It’s a long move from Pasadena to the Big Apple, but now, with his new series 666 Park Avenue, Dave Annable is doing just that. Best known as youngest son Justin in Brothers & Sisters’ West Coast Walker clan, Annable has now moved East both on-screen and in real life, playing the upwardly mobile Henry Martin on ABC’s New York-based supernatural series.
Recently, Wetpaint caught up with the actor at the semiannual TCA convention in Beverly Hills to get some scoop on 666 Park Avenue’s upcoming scares, as well as what’s in store for Henry.
Wetpaint Entertainment: What attracted you to your new show, 666 Park Avenue?
Dave Annable: It’s really exciting. Even though it has the supernatural elements, it’s still grounded — in that the characters are real. I think that’s what they’re trying to portray. There’s still that real story of the characters, but they live like the Henry and Jane [Rachael Taylor] characters, but now in this crazy, supernatural building. Who’s Gavin [Terry O’Quinn]? Is he the devil? Does he work for the devil? It’s really exciting s---.
Who is more corruptible, your character Henry or his wife, Jane?
I think, where we stand right now, it’s Henry. I think Jane is sort of the eyes of the audience. She’s the one discovering the building. Like in Rosemary’s Baby.
Exactly — in that film, the husband Guy was more corruptible.
Right. Henry is on this path I think to become Gavin’s protégé, and he’s grooming him to potentially work with him. He’s got a plan for Henry, and I think Henry is drinking the Kool-Aid on the lifestyle.
What is Gavin promising him?
We don’t know yet. That’s the exciting part. The scripts are just coming in, but each one, I promise you guys, has been better and better. It’s scary and it’s good. In the third episode, the script we just got, it’s very Devil’s Advocate-y. I’m off on my own with Gavin, and he’s grooming me to be whatever he’s grooming me to be.
There are so many movies this show seems to be modeled on — now Devil’s Advocate too!
And The Shining, in terms of the building. But still, it’s something really new, and it’s really exciting. I think ABC took a chance on this. Of course I’m in it, but I’m saying this for real as a fan: They have something special here, and I hope people will tune in and stay the course. Because the writers are genius for the fact that they’re going to release these answers, but over the course of the season, and the series.
How much do you know about Henry’s backstory?
I think we’re going to learn as the audience learns. The only thing that they told us about is our relationship, Henry and Jane’s. That you want to cheer for these characters. Because if you don’t care for Henry and Jane, you might not care for the show. I think in terms of backstory, Gavin and Olivia — Terry and Vanessa [Williams] need to know more. But Henry and Jane are the audience. We’re discovering everything as the show is, and as the audience is.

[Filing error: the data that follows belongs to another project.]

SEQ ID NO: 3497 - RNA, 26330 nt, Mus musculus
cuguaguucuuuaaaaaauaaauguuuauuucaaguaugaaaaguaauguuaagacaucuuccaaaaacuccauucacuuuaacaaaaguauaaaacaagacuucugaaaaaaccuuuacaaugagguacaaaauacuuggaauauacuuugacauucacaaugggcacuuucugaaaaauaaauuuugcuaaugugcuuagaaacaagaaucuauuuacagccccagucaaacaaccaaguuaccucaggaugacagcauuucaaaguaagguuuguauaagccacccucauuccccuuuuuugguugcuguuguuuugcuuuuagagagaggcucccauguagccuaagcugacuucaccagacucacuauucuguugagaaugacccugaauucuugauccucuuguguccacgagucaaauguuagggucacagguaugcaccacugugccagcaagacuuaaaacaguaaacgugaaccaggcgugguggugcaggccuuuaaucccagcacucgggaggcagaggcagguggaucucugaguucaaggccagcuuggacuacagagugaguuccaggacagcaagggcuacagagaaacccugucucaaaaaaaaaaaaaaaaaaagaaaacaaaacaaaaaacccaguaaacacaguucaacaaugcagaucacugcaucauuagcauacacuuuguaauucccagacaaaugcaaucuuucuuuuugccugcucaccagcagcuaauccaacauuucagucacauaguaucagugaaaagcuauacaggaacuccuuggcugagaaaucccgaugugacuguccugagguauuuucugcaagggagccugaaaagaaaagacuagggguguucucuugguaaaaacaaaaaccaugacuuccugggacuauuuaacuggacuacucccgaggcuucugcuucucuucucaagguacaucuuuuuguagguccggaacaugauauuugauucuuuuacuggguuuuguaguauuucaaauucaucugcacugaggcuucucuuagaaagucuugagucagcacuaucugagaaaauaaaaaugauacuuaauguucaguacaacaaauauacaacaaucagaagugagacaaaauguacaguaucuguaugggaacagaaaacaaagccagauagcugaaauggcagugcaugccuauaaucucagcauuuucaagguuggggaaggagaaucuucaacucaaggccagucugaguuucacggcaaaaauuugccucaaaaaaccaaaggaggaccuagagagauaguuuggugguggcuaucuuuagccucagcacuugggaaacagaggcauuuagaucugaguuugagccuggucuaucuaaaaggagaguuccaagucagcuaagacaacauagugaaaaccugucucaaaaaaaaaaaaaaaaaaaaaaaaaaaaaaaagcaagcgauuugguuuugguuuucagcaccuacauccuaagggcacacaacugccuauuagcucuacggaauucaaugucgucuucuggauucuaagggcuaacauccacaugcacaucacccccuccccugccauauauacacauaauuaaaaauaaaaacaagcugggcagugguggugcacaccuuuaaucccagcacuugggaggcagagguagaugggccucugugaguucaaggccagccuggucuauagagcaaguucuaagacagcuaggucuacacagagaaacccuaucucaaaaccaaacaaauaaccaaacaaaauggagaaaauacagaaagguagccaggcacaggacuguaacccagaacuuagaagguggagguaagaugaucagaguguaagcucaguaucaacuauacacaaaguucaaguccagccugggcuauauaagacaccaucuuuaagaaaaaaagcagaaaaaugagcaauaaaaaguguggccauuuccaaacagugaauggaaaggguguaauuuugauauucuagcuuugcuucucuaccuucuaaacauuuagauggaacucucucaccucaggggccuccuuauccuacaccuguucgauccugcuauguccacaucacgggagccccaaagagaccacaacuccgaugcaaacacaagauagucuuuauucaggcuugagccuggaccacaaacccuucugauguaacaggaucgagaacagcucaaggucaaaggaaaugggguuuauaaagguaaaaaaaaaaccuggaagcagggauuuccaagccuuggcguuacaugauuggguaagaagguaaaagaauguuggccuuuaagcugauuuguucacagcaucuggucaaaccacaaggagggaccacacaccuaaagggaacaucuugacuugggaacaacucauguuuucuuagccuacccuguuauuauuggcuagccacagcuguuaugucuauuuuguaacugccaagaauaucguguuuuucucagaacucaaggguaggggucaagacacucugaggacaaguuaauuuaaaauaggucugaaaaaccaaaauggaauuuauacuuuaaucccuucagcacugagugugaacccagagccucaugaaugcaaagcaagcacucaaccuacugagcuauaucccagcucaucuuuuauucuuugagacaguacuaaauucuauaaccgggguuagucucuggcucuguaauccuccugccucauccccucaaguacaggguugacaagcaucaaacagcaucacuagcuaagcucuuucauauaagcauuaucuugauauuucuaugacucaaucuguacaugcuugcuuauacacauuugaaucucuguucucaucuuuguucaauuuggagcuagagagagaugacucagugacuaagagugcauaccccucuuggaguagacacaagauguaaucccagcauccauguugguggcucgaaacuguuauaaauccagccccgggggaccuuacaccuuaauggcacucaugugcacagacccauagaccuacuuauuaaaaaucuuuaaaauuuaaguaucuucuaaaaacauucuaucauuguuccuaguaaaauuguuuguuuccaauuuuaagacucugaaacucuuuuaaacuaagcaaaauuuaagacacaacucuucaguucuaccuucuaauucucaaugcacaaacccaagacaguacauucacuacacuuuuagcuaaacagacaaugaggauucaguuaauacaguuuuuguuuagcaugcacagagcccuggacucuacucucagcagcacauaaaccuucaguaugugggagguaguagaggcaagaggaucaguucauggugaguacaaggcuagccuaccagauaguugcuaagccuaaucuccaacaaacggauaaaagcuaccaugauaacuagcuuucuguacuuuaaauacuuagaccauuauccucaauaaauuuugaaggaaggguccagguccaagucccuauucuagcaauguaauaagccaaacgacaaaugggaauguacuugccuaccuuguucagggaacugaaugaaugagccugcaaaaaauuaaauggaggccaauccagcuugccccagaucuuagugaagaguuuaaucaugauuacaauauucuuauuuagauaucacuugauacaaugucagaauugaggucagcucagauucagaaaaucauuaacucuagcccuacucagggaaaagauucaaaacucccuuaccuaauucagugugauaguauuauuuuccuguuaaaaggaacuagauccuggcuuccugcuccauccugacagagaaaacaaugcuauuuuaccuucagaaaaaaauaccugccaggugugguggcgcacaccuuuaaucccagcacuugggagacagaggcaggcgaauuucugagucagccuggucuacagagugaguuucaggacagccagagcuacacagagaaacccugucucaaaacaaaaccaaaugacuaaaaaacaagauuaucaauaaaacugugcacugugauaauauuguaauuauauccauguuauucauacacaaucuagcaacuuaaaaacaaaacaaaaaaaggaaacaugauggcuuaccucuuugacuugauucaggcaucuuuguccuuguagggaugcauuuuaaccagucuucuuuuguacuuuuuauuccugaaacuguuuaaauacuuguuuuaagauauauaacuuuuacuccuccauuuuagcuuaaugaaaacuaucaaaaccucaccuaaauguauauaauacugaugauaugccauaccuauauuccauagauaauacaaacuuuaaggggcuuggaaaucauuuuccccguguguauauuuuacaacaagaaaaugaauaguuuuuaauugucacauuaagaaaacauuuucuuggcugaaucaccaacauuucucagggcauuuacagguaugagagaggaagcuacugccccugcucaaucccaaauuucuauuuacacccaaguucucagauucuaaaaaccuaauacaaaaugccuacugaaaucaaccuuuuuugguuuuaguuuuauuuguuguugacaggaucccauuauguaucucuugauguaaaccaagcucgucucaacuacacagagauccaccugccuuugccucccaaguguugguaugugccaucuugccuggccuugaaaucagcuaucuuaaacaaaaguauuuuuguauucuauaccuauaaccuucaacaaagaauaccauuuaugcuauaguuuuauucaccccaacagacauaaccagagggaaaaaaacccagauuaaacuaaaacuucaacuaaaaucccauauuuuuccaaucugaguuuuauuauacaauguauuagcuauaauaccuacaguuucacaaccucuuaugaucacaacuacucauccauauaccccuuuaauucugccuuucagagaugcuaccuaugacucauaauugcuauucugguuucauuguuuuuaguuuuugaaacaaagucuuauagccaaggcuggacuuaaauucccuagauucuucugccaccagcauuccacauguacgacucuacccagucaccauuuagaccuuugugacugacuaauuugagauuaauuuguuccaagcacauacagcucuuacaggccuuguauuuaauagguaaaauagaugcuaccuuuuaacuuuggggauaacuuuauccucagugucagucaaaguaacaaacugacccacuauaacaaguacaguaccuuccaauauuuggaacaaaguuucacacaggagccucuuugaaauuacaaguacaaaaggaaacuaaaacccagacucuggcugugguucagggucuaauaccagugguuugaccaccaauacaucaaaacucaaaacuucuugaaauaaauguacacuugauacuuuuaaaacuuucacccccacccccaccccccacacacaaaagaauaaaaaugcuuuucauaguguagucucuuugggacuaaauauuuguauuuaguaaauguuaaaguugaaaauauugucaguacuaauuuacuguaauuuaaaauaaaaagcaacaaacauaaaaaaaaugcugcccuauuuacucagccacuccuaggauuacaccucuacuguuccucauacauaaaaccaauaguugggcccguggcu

Do we know what it is Henry really wants out of life, other than career success? What could the building be offering him?
We don’t know that yet. I think as of now, Henry’s a boy scout. I think they’re going to test him, and in the second episode, I think Gavin puts out a little test to his moral character, to see if he’s going to cross that line. I think he passes with flying colors.
Passes good, or passes evil?
I think over the course of the series, he may be turned to the dark side. Obviously, Henry’s incredibly ambitious, which is why he moved to the city. He’s chasing his political aspirations potentially. And I think there might be a reason why Gavin has taken him under his wing. I think there’s a reason why Henry and Jane end up at the Drake. I don’t think it’s by chance.
Are you a fan of Gabriella Pierce’s 666 Park Avenue books, from which the series was adapted?
I have not read the books. But from what I’ve been told, the show is very, very loosely based on the books. I think [666 Park Avenue series creator/executive producer] David Wilcox has made this show his own, as something different. He’s taken the sort of Park Avenue aspect of it, but I think this is his own baby right here.
Are you a fan of the horror and suspense genre?
Absolutely! That’s why, when I first read the script, I was like wow, this is great! To get to be a part of this horror genre, coming off Brothers & Sisters, it’s so different, and something for me as an actor, to play Henry versus Justin. They’re night and day. So I think it’s great for me, and they shaved my beard off, so I’m like this new guy. I wear suits in the show. I put away the flannel shirts. I’m ready.
Which part do you prefer — Henry or Justin?
I loved my experience on Brothers & Sisters, and wouldn’t trade any moment. I literally had the best time on that show. The people I got to work with on a daily basis are genuinely my family. So I can’t compare and contrast. As actors, we’re onto the next.
How do you feel about working in New York?
I love it. I’m originally from New York, from upstate — Orange County. Walden, New York. So to be back home, it’s great. New York is such a big part of this show, and thank God we’re not in — nothing against Toronto — but Toronto on soundstages, recreating New York. Because it’s its own character in the show. The architecture and the energy, and being outside. It’s very different as an actor. We were on the Disney lot for Brothers & Sisters, and it was like a warm blanket. But out in the city, you have tourists shouting your name. There are paparazzi, there are fans. It’s crazy! You have to stay focused.
Your co-star Terry O’Quinn said he has people yelling for [his Lost character] Locke on the street. Do you have people yelling for Justin?
Yeah! Thank God, I get a lot of Justin love, which I’m very thankful for. But everyone’s very excited to be onto the next — as Terry is, too.
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